#Infosec2024: 104 EU Laws Have Different Definitions of Cybersecurity

There are currently over 100 pieces of pending or existing EU legislation, all of which define cybersecurity differently, a leading data protection lawyer has claimed.

Ropes & Gray partner, Rohan Massey, told attendees at Infosecurity Europe today that one of the key challenges facing organizations in this context is to understand what exactly is being regulated.

He shared several key tips to help chart a path through this legal complexity.

Massey argued that while EU laws can be “incredibly objective” and blunt, with little detail, explanation or context, they have more recently enshrined the principle of “proportionality.”

This means, organizations must interpret the objective elements of such laws subjectively, according to a number of aspects.

“In assessing the application of law, an entity must understand and take into account its size, overall risk profile and the nature, scale and complexity of the services, and activities and operations it undertakes,” said Massey.

“This is critical for every single organization. For me, I’d focus on this more than anything else when you think about compliance programs, and understand how cybersecurity trends are changing. It’s not really how they’re changing generally, but how they’re changing for you contextually within your organization.”

A Three-Point Plan

Taking DORA and NIS2 as his guide, Massey explained that organizations should consider the following:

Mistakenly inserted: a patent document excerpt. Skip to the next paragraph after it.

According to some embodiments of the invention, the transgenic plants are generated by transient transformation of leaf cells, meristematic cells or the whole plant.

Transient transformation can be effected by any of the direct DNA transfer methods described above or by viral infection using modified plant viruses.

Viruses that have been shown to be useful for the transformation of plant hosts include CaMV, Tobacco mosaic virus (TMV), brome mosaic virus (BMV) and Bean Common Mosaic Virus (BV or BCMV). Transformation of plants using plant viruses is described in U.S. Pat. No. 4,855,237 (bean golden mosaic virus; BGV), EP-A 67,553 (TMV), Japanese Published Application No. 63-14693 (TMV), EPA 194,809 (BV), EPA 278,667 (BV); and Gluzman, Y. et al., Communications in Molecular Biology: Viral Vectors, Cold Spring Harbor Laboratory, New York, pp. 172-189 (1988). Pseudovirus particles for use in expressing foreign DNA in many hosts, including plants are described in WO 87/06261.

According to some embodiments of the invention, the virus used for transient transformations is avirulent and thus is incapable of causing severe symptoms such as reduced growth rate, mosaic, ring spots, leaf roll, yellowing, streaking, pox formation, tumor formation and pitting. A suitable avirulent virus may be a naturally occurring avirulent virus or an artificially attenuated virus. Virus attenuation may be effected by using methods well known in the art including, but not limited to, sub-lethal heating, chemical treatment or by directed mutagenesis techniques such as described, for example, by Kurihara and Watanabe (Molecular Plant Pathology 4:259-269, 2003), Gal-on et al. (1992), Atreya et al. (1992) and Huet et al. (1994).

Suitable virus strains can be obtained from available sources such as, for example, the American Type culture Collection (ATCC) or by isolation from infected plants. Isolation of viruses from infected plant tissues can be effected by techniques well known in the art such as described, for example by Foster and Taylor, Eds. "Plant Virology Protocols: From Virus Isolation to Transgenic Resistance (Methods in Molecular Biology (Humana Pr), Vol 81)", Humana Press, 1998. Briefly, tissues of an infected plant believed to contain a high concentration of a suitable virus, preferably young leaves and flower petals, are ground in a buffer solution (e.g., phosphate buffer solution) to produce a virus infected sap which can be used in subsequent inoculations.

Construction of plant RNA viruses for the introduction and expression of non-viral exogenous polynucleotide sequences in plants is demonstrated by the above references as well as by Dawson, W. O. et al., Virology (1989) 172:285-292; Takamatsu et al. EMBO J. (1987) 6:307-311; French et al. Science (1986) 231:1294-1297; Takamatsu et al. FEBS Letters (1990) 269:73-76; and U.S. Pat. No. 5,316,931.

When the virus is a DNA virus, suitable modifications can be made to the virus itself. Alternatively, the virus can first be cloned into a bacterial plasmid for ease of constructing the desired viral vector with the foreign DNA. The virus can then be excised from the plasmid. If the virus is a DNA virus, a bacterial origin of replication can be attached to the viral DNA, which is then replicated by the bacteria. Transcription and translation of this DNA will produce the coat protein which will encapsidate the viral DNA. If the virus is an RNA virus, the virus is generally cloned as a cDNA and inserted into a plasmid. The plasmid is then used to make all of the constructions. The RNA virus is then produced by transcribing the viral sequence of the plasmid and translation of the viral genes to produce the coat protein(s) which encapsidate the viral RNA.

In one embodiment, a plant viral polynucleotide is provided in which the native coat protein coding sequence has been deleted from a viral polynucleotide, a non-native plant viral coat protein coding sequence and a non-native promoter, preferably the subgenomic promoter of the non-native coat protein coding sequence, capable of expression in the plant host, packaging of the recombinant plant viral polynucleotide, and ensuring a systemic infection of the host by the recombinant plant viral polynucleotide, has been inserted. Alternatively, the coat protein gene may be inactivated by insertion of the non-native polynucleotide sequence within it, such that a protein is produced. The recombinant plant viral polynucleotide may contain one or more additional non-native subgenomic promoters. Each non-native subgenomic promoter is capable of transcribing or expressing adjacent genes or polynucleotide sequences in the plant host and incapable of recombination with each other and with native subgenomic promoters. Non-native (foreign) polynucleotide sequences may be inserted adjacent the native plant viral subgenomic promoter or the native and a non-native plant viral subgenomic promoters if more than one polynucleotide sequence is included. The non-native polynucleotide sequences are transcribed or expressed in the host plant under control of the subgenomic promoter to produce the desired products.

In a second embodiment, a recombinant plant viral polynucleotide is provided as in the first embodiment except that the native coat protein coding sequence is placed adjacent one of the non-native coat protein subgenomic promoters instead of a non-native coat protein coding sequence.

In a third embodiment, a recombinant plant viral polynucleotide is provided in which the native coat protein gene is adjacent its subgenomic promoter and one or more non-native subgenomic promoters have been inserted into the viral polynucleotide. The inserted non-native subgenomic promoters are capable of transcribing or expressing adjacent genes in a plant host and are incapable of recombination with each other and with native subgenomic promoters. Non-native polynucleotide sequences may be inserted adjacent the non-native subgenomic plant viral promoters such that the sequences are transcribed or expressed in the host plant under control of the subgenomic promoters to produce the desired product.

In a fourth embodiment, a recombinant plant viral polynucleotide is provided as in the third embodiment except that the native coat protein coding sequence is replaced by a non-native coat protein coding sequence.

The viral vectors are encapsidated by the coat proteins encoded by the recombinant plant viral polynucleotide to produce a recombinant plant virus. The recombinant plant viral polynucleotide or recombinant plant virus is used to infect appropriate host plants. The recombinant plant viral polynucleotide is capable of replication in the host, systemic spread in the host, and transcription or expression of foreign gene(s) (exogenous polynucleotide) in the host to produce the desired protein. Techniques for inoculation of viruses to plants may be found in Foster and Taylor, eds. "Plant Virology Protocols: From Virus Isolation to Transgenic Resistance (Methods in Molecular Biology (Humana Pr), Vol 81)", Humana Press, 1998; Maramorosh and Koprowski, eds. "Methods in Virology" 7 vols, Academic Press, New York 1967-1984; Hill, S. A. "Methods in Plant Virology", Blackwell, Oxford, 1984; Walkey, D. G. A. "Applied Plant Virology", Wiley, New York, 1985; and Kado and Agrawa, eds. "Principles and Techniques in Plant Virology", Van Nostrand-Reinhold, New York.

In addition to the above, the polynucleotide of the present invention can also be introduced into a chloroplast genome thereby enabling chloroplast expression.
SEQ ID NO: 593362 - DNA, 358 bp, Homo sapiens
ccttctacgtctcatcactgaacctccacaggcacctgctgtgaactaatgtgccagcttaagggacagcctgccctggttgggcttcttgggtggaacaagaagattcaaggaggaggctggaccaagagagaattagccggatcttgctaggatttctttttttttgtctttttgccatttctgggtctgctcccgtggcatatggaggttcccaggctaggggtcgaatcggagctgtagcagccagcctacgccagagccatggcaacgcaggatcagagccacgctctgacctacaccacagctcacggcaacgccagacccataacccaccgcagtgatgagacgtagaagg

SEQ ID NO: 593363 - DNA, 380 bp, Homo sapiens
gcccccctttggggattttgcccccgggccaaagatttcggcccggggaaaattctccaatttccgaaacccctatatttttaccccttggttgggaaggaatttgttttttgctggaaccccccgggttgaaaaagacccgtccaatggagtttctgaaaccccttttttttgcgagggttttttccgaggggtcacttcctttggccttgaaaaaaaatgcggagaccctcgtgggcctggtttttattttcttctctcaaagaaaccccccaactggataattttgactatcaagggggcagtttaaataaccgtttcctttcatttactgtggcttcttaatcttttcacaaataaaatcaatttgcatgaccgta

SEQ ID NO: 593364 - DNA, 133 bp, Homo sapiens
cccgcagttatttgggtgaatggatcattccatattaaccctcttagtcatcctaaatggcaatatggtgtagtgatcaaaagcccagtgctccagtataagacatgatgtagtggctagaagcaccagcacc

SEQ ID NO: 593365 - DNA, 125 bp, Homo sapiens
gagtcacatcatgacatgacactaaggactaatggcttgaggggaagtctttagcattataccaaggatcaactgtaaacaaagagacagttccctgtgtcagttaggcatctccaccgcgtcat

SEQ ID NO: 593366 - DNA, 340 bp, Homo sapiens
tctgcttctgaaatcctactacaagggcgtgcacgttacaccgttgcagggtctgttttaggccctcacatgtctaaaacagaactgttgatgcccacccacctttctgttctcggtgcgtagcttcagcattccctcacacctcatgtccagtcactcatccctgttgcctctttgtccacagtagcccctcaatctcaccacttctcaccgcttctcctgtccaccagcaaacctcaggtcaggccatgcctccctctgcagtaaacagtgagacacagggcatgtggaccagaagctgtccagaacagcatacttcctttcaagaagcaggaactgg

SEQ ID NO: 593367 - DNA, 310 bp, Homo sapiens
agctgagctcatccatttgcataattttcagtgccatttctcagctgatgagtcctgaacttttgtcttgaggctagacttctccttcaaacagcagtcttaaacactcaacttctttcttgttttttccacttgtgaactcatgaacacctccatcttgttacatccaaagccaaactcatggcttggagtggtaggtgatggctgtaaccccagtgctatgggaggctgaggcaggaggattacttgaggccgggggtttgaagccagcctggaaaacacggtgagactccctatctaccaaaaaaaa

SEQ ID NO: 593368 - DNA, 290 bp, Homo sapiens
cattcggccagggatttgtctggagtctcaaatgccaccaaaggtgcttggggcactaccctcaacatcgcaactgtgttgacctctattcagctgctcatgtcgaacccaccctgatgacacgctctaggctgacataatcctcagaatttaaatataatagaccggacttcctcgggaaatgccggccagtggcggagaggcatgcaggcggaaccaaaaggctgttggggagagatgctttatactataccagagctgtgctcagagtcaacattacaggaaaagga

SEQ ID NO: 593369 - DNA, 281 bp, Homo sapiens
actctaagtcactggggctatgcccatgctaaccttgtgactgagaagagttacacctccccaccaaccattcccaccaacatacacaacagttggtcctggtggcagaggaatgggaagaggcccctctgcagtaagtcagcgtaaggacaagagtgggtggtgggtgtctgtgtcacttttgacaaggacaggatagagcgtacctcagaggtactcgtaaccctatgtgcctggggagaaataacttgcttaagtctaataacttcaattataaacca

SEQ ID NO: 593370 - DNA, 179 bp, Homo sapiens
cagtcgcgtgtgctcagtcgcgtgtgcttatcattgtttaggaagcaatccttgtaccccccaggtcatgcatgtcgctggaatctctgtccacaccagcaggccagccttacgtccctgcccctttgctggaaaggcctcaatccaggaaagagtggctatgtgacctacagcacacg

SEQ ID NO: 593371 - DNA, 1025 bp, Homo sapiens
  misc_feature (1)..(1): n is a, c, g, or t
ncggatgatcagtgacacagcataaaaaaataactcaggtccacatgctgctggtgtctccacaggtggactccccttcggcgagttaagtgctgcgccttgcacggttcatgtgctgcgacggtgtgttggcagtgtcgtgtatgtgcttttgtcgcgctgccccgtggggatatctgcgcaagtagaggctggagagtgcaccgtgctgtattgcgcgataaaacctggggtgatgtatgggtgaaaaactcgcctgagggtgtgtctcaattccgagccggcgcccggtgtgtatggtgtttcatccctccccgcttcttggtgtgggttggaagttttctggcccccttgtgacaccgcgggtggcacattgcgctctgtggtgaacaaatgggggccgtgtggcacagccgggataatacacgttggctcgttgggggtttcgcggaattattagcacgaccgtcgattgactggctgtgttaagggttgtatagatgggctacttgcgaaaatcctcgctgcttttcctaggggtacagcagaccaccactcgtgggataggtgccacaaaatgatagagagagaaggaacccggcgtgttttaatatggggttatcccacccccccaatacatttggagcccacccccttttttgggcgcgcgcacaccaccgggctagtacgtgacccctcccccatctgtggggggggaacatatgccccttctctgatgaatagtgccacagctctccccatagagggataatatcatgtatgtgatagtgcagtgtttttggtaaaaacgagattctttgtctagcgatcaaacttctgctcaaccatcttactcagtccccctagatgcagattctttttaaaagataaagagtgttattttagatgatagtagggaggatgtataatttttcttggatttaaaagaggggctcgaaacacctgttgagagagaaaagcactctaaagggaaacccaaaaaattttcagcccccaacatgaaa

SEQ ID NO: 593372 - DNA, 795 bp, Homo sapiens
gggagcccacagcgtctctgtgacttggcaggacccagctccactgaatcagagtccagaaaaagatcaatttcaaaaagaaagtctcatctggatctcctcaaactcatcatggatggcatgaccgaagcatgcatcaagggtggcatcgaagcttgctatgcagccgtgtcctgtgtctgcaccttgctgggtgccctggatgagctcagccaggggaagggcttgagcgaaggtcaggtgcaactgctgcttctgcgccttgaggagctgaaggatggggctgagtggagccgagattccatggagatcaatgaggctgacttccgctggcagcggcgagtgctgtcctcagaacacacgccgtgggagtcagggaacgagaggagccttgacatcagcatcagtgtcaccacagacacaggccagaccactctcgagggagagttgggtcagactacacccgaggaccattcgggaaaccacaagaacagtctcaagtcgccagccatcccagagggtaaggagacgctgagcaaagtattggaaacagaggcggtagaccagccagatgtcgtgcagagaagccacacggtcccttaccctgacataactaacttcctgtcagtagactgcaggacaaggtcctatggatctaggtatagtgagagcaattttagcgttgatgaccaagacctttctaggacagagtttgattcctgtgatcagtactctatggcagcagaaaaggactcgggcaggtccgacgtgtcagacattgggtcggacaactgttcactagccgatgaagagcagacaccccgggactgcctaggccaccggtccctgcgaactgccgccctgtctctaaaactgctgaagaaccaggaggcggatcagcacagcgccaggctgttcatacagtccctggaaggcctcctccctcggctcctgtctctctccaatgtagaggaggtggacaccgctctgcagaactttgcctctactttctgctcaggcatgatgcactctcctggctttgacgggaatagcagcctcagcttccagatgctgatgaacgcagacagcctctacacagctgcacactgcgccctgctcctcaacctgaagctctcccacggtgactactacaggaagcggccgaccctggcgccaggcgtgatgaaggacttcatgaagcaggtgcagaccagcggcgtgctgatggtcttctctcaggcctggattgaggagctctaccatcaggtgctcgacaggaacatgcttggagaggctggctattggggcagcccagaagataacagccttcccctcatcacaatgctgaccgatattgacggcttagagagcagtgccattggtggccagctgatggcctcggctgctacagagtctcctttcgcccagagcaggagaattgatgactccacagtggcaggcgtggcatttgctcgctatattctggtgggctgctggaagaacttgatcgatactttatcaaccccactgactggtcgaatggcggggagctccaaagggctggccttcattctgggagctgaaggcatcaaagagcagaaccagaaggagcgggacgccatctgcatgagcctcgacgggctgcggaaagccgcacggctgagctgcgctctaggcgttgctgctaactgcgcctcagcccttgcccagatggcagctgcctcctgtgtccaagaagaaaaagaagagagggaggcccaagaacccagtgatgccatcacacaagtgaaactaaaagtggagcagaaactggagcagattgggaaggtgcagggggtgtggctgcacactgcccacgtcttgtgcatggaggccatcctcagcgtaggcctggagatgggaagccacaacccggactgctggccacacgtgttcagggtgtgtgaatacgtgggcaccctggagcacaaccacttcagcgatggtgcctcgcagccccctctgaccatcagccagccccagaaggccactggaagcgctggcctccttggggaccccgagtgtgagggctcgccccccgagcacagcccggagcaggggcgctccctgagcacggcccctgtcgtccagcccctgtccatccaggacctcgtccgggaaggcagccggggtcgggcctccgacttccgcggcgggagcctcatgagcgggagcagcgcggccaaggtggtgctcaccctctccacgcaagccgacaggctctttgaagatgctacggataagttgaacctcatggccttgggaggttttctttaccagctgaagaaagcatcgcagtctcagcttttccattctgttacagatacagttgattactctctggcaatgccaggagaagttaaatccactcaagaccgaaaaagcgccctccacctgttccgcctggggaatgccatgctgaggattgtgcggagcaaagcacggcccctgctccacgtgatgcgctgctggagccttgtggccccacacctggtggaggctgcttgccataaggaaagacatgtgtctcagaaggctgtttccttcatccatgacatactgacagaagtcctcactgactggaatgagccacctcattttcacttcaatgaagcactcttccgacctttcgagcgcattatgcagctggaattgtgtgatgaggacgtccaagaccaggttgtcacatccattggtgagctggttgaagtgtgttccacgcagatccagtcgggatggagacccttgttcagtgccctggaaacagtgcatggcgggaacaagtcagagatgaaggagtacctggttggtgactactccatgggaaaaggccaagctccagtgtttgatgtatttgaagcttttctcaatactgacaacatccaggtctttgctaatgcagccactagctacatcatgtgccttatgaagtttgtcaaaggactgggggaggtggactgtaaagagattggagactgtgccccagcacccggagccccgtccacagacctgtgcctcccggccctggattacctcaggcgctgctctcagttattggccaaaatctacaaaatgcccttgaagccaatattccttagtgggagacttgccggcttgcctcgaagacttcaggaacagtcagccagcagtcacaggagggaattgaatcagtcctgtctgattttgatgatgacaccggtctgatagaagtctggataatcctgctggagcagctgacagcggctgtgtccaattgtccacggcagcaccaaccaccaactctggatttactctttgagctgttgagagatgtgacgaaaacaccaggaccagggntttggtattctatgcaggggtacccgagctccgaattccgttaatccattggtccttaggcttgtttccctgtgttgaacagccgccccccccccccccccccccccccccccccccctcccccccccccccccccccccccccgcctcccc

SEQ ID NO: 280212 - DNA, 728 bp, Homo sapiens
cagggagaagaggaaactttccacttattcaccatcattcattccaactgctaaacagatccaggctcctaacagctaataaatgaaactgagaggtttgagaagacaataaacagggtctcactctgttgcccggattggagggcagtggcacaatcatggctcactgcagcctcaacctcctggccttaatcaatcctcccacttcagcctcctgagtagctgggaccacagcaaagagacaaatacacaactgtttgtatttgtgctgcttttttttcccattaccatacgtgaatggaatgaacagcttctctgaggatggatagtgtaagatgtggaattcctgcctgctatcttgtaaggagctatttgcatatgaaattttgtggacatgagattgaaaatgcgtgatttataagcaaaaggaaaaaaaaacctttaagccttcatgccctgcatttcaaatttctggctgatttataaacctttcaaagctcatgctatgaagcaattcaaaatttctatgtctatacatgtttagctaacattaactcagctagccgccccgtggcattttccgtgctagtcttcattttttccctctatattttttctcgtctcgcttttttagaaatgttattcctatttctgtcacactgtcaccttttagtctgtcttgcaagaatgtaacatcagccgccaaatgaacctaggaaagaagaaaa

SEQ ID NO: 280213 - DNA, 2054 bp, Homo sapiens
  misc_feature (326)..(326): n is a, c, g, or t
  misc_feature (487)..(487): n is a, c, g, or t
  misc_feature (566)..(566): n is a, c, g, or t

• Accountability and governance: From the outset, organizations must understand “what their business is doing, where it’s doing it, what its risk profile is,” and document it all, with oversight at all levels of the organization
  • Supply chain risk: Take measures to assess supply chain risks and vulnerabilities, and address them via education, contract and/or review and monitoring “to ensure the vulnerability on the supply chain doesn’t escalate to the regulated organization”
  • Risk assessment and management: Implement policies procedures and tools – including reporting lines – to address risk. Organizations should also put in place robust security controls and advanced resilience testing systems, and ensure clarity of decision making to accelerate incident response

Read more from Infosecurity Europe: Nearly All of FTSE 100 Exposed to Third and Fourth-Party Breaches

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